[0037] Figure 2 is a graph showing effects of reaction time on the distance between the poly(methyl methacrylate) (“PMMA”) coated cobalt nanoparticles after atom transfer radical polymerization reaction.

[0038] Figure 3 depicts alternative approach to polymer functionalization of magnetic

NPs with end-functional polymeric ligands, and solution processing via spin coating to create layered polymeric-NP films with controllable Faraday rotation.

[0039] Figure 4 shows a multi-layered stack film (right) with 30-bilayers of the polymer-magneto-optic NP layer and cellulose acetate. As shown on the left, the Faraday rotation (in units of degrees of rotation) going from 5-bilyaers to 30 bilayers results in a 5-6x increase in Faraday rotation.

DETAILED DESCRIPTION OF THE INVENTION

[0040] Prior to the discovery by the present inventors, one of the biggest problems of the conventional magneto-optic (MO) nanocomposite particles and methods for producing them was that the more magnetic nanoparticles (“NPs”) present, particularly with increasing magnetic moment, aggregation of these NP occurred. As expected, aggregation of MO nanocomposite particles resulted in lowering of magnetic-optic properties due to light scattering and reduced optical transmittance.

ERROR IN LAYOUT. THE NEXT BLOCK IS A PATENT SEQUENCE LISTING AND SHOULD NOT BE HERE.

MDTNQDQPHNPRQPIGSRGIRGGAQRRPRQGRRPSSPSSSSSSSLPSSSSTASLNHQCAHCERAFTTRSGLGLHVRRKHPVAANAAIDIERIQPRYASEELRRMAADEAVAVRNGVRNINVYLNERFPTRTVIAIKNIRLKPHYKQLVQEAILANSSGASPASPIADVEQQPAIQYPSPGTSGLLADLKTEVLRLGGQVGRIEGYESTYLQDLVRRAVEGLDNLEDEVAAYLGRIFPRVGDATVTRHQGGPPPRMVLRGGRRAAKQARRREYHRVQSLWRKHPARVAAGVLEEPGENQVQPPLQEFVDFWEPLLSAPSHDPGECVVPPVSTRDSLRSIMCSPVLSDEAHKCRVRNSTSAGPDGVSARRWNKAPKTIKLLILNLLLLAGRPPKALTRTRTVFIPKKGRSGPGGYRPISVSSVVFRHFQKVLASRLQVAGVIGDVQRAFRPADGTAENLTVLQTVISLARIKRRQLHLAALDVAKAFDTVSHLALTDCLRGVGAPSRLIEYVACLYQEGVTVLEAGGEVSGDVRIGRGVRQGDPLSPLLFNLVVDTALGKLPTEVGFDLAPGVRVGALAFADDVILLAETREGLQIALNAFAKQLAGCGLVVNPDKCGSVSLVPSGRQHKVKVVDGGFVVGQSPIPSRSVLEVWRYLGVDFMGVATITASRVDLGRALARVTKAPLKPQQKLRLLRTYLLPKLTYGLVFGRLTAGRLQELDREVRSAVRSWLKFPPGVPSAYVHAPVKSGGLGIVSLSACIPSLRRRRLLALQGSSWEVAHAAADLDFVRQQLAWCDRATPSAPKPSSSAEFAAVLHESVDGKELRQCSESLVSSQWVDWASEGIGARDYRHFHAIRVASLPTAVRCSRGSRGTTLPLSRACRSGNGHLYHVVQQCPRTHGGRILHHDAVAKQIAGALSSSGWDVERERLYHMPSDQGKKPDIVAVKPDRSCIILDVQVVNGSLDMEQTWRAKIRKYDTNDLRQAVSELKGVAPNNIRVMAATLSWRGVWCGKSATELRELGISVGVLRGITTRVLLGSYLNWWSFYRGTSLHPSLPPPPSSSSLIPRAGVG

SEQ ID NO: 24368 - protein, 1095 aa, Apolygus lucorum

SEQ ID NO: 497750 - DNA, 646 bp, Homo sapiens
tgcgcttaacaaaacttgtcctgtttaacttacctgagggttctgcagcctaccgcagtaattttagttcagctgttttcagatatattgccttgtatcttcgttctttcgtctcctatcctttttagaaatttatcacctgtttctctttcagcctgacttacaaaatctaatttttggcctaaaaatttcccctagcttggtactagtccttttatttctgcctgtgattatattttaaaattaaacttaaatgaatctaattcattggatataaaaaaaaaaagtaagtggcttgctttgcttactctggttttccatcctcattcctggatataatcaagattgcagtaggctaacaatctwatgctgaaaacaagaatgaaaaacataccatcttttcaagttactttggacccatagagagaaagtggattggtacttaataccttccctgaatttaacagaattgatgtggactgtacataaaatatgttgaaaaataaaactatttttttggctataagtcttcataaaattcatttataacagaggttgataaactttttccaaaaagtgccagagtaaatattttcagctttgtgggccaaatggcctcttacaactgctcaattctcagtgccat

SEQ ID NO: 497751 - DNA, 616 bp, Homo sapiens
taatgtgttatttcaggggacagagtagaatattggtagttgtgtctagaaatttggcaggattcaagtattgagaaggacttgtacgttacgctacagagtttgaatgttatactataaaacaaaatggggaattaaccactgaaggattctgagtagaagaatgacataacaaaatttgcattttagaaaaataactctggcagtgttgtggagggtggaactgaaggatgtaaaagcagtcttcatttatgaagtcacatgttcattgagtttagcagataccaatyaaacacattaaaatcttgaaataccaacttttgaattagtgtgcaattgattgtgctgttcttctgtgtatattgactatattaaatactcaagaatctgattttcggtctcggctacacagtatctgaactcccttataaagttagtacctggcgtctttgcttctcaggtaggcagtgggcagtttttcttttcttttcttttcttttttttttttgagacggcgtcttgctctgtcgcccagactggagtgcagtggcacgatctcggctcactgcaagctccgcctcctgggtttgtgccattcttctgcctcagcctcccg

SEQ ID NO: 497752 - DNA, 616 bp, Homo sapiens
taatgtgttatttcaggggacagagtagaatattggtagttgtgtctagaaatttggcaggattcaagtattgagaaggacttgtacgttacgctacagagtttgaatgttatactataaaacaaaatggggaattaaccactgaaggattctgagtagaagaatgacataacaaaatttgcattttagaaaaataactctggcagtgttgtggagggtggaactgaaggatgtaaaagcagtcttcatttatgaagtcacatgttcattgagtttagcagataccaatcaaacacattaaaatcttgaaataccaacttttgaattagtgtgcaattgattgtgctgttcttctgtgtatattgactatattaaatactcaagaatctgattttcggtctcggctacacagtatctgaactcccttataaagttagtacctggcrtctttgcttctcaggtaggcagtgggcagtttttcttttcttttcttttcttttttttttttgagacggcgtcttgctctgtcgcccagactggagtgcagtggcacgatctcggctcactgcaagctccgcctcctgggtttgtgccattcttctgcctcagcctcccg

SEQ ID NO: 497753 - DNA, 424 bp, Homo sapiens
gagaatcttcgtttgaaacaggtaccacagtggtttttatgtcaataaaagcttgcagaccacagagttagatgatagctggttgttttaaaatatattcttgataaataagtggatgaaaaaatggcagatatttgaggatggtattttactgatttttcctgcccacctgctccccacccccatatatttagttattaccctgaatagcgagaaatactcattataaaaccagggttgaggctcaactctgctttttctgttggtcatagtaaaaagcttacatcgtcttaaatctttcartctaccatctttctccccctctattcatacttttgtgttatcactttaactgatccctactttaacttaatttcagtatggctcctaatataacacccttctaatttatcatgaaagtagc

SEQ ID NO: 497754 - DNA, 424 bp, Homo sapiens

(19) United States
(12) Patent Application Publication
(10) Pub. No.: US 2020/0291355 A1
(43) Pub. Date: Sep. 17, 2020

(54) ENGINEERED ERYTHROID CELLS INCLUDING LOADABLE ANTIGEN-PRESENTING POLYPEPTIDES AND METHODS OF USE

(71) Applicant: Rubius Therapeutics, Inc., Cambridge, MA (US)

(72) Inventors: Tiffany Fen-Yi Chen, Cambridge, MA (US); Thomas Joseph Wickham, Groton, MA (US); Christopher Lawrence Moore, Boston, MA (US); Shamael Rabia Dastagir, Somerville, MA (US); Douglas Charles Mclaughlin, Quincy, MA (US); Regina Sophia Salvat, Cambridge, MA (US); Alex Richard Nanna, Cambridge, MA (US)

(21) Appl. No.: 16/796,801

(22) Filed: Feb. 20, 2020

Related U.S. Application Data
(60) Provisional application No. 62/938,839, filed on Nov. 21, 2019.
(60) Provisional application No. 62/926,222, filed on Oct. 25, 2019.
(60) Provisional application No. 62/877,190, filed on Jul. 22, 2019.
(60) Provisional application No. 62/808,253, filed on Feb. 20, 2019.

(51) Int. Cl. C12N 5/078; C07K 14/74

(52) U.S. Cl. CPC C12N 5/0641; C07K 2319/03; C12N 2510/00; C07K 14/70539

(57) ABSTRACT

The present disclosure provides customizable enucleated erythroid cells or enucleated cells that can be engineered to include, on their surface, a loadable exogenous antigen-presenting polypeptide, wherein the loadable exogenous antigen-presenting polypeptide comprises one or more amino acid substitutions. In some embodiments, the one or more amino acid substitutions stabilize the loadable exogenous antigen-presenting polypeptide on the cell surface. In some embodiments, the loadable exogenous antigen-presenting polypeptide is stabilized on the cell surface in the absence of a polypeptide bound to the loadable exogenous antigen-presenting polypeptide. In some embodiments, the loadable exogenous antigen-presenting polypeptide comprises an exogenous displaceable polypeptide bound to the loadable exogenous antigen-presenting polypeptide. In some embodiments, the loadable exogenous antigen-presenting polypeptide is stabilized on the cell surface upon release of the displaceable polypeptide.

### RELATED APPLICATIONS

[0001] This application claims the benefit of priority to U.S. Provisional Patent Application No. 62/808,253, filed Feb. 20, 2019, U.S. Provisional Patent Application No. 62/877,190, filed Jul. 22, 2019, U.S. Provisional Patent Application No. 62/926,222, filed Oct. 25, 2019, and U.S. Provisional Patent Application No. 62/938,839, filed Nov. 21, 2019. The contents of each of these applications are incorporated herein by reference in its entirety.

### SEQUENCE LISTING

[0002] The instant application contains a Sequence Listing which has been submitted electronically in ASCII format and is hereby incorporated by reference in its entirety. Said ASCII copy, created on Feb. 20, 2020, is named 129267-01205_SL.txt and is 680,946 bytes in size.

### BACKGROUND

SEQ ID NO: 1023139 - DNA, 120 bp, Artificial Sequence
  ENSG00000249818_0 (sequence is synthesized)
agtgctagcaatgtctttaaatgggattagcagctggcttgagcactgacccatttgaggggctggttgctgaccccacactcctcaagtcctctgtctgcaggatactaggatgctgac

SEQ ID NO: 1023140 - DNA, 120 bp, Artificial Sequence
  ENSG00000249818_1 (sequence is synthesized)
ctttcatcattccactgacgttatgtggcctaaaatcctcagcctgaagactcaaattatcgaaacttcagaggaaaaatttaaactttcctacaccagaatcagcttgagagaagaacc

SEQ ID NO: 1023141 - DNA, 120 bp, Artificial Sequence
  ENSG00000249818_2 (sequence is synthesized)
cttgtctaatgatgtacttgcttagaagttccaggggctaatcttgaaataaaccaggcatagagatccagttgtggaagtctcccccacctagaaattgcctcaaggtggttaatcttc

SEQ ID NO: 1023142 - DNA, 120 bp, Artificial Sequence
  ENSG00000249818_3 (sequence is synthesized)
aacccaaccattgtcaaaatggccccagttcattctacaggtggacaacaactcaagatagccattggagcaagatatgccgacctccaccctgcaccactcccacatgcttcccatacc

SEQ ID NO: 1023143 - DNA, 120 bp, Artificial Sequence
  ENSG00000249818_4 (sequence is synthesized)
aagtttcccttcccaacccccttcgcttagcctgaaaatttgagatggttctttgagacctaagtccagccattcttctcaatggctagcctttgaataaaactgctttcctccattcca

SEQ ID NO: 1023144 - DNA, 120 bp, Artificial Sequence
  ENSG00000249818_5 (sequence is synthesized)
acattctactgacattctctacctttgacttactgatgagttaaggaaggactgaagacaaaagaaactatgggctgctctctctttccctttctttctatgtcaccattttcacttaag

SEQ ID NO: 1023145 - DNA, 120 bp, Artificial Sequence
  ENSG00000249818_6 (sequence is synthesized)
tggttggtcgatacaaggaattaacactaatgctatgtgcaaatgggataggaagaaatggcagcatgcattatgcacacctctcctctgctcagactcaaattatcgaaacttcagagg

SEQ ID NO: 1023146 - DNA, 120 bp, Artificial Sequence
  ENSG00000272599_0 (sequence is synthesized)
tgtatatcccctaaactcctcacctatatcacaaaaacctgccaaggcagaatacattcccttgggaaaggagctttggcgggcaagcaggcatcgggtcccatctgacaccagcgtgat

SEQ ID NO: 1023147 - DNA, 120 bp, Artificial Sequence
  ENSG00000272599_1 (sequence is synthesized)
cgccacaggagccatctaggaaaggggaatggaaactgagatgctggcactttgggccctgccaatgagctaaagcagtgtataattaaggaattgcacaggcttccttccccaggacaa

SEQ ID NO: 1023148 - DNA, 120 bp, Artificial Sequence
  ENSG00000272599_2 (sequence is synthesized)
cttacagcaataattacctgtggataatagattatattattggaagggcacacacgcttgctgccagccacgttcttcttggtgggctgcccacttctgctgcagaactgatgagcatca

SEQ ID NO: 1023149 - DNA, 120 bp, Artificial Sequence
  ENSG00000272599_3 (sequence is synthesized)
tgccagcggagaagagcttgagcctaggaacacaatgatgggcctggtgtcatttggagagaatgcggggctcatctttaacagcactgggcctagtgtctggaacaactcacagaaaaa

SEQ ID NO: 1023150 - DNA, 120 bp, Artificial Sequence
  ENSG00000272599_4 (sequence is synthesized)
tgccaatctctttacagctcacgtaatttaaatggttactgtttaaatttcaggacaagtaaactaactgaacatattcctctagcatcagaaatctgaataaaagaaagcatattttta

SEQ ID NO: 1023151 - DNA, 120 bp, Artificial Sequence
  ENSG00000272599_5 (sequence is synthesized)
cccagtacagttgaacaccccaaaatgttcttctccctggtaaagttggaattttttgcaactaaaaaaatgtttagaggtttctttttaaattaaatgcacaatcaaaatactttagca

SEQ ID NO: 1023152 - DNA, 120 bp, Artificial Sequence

[0041] The present invention overcomes this and other problems associated with conventional MO nanocomposite particles and methods for producing the same by allowing production of high magnetic nanocomposite particles having a plurality of relatively large organic polymer ligands that are attached to the surface of the magnetic metallic nanoparticles. Without being bound by any theory, it is believed that the presence of a plurality of organic polymer ligands on the surface of the magnetic metallic nanoparticles prevents aggregation of magnetic metallic nanoparticles, thereby significantly mitigating the optical transparency reduction observed in conventional MO nanocomposite particles.

[0042] In particular, by using a covalently bound monolayers having initiators for controlled radical polymerizations (for example, via atom transfer radical polymerization “ATRP”), magnetic nanocomposite particles are demonstrated that have a strong magnetic property but low aggregation due to the presence of a high density and length of the grafted organic polymer ligands.